Waco was a city on the move at the turn of the twentieth century, and its run into modernity was aided by the advent of the interurban electric railway.
Although Waco had other forms of mass transit since the days of the stagecoach, with first mule-hauled and then electrically-powered streetcars, it was the Texas Electric Railway that ultimately inherited the early rights-of-way to do business in the city, though several transit firms vied for traffic in its early days.
Citizen’s Railway Company, formed in 1877, used eighteen mule-drawn cars, and ten electric ones after 1891, to get commuters and shoppers where they needed to go until 1912. Southern Traction Company succeeded it, reconstructing tracks and adding extensions. Additionally, a streetcar company named Huaco Heights leased equipment from Citizen’s Railway Company and operated from 1913 to 1918, servicing the Huaco Heights real estate development.
It took John Frank Strickland, a man of vision and drive, to pull together the diverse elements to craft an efficient system. Strickland traveled to Texas by wagon train in 1878 from his native Alabama. He later went on to create the largest interurban rail system in the Southwest, with more than two hundred miles of track connecting commercial and cultural centers throughout the state.
Working his way up through plowing, cotton ginning, and then the grocery trade, Strickland became involved in electric power generation in Waxahachie in 1892. He later served as president of companies such as Texas Power & Light and Dallas Power & Light, positions he held until his death. Strickland and partners saw construction of interurban railroads as a complementary function of their power companies, and in 1908, a Strickland company began interurban service from Dallas to Sherman.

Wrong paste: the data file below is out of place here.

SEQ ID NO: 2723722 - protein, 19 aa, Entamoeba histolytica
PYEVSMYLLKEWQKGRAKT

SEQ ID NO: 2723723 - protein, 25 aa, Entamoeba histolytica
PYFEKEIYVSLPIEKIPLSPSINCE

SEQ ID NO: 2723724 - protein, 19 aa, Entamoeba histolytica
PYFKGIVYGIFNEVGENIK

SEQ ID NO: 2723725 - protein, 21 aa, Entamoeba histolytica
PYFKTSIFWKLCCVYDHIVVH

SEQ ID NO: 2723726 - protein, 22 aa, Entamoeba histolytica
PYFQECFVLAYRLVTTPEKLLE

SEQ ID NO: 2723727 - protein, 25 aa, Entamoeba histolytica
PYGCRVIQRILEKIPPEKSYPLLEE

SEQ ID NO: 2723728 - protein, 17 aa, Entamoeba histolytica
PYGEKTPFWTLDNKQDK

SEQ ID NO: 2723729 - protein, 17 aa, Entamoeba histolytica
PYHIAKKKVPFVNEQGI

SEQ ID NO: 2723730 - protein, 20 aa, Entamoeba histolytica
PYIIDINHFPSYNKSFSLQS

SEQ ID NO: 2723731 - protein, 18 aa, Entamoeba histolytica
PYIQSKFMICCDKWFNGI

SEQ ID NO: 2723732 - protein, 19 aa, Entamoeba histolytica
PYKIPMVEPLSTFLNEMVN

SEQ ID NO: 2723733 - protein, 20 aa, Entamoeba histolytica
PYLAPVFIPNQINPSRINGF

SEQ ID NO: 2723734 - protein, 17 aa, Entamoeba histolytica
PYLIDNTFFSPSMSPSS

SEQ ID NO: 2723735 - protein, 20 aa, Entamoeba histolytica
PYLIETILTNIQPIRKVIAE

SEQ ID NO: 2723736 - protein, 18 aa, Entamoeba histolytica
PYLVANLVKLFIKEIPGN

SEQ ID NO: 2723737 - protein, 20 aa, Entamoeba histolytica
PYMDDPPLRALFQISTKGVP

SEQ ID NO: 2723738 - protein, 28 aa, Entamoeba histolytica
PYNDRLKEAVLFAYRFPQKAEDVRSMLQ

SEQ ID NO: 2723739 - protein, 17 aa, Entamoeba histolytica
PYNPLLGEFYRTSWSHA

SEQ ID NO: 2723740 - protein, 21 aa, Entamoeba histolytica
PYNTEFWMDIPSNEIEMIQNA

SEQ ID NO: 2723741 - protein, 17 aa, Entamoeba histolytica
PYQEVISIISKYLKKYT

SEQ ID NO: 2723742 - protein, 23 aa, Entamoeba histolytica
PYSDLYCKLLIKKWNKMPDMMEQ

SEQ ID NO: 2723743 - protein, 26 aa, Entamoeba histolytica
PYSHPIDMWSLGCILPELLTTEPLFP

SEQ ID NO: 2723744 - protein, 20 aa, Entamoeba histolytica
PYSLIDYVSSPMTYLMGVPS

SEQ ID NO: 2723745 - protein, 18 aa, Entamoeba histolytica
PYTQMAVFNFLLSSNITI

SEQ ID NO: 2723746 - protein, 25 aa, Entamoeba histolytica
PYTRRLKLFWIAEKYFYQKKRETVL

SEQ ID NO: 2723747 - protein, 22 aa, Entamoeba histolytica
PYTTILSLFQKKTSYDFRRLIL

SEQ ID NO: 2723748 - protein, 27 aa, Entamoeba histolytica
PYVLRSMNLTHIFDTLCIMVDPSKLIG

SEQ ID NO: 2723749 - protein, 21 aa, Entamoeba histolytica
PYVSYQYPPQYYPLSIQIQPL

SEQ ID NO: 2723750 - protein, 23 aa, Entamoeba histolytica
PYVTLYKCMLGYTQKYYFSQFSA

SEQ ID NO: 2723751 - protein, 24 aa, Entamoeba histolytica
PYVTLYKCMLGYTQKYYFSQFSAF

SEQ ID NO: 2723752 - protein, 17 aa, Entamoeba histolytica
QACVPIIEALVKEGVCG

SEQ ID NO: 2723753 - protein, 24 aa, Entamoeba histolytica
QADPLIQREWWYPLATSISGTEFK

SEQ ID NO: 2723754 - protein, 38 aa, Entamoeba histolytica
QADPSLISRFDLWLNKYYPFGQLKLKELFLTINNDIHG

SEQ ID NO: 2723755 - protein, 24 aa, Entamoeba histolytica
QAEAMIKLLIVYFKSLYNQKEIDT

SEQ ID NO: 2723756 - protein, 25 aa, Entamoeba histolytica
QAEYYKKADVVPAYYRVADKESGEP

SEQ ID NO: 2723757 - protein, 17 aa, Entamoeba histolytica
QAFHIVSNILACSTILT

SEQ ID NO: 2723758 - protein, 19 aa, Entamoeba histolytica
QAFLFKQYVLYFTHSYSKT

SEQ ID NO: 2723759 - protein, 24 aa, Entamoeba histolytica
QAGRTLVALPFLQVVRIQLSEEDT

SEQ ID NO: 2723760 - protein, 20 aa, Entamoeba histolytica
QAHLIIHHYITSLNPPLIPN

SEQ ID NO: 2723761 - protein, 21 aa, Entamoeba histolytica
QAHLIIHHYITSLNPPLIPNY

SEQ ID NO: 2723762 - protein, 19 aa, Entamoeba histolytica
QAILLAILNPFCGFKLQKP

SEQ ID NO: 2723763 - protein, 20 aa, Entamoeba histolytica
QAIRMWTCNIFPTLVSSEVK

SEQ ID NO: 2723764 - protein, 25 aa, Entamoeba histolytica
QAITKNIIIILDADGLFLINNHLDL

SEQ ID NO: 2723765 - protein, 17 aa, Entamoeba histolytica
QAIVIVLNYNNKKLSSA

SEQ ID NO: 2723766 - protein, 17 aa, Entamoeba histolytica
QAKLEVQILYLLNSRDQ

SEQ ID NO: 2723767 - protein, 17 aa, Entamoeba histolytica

By 1911, Texas Traction operated seventy-seven miles of track from Dallas and Denison as well as local lines in Sherman, Denison, and McKinney. In 1912, interurban transportation from Dallas to Waxahachie began. The company extended the line to Waco in October of 1913, and absorbed streetcar lines in Waxahachie and Waco.
On New Year’s Day in 1917, Strickland merged Southern Traction Company and Texas Traction Company to create the Texas Electric Railway Company. The rail also served as the right-of-way for the electric power lines. Area drugstores and hotel lobbies sold tickets, offering different rates for children, clergy, and “excursion” groups. As ridership soared and business boomed, Strickland also won a postal contract to transport US mail, and employed a clerk to sort the letters and packages along the way.
The system’s usage peaked around 1920, when some 819,000 passengers rode the rails. The interurban’s decline began during the Great Depression, and the line started taking freight to make up for the loss of passenger revenue. Business rallied again during World War II, when gasoline shortages and rationing of rubber made rail travel more attractive than driving.
But after the war, the lure of private-car ownership and the development of better roads led to the system’s decline. The streetcar operations of Texas Electric Railway were sold to Waco Transit Company in 1946. As part of that sale, the streetcar continued to run from downtown to East Waco along the Texas Electric’s city track. But streetcar service ended when Texas Electric Railway ceased operations on December 31, 1948. Commuter service lasted for another year by the Texas Electric Bus System before being entirely phased out. Within days of the company’s closure, workers began pulling up tracks and taking down copper wire to sell off the assets and liquidate.
Remnants of the interurban railway remain visible in downtown Waco today. Pylons which once supported the interurban bridge as it spanned the Brazos River (noted on the Waco History map) offer a constant reminder of the interurban’s legacy of providing citizens with a convenient and economical means of transportation both throughout the city and the state.